Chief justice provides little info on health problem

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Supreme Court justices guard their medical privacy fiercely, and Chief Justice Roberts has proved no exception. All that he authorized the court’s public information apparatus to disclose were the bare facts of the incident on Monday and his release from a Rockport, Me., hospital on Tuesday “to resume his vacation,” as Kathleen Arberg, the court spokeswoman, put it. No further information would be forthcoming, Ms. Arberg said.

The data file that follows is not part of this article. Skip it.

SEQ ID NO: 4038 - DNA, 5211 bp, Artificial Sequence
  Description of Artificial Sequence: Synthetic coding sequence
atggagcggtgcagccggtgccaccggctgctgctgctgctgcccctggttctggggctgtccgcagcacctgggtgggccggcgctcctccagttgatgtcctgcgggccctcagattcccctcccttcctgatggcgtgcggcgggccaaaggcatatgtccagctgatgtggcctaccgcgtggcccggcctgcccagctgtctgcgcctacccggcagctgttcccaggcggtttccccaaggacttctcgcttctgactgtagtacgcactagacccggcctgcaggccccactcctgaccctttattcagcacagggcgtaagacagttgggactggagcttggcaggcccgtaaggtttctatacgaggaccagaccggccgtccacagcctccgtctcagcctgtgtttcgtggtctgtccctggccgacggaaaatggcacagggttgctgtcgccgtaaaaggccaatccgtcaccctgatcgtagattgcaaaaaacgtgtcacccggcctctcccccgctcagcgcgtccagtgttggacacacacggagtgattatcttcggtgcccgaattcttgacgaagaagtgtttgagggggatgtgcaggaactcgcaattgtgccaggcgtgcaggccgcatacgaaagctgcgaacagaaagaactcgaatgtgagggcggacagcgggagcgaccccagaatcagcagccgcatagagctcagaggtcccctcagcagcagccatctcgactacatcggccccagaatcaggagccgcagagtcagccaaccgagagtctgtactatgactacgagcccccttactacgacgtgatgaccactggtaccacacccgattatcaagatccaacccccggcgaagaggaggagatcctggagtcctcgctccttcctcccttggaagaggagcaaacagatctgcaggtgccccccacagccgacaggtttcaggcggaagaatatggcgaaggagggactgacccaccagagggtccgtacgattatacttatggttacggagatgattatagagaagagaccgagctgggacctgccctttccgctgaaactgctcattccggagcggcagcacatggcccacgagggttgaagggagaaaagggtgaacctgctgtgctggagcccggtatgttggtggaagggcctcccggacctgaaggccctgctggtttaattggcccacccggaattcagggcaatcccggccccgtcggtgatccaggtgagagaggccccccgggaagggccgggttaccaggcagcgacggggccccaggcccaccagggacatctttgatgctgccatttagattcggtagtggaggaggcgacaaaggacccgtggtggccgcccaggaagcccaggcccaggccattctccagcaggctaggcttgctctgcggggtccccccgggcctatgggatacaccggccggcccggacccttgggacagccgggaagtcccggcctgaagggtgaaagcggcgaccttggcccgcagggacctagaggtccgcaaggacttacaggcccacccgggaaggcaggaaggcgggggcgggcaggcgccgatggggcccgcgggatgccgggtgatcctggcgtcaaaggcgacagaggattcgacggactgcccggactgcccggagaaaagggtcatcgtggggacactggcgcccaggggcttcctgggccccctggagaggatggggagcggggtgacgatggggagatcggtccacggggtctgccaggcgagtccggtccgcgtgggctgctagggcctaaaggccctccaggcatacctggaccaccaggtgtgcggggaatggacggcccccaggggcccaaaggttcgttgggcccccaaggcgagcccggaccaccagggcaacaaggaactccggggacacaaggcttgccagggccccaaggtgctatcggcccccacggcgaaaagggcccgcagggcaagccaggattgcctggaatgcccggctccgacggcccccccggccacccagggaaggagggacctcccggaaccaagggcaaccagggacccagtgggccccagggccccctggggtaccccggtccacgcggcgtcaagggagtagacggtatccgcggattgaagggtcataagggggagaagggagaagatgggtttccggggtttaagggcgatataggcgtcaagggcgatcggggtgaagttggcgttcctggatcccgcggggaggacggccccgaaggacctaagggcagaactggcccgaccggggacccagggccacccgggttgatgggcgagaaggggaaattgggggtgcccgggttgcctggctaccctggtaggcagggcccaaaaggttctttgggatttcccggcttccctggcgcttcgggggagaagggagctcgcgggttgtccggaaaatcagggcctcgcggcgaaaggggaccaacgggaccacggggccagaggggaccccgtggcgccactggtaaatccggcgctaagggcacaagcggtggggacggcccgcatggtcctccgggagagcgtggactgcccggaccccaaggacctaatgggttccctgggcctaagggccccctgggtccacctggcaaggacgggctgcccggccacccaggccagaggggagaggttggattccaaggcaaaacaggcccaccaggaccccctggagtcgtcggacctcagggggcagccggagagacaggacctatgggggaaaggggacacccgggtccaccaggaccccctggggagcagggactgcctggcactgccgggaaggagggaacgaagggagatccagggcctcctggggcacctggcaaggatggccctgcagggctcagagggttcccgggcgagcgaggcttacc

The chief justice was following the model of his former boss and mentor, Chief Justice William H. Rehnquist, who once described reporters as vultures for their interest in his treatment for dependency on a prescription pain reliever.

In the 11 months between his diagnosis of thyroid cancer and his death in September 2005, Chief Justice Rehnquist never confirmed that he had the anaplastic form of the disease, which, unlike the more common forms, is invariably fatal and usually kills within a year.

“That’s for me to know and you to find out,” he said when asked about his retirement plans some six weeks before his death.

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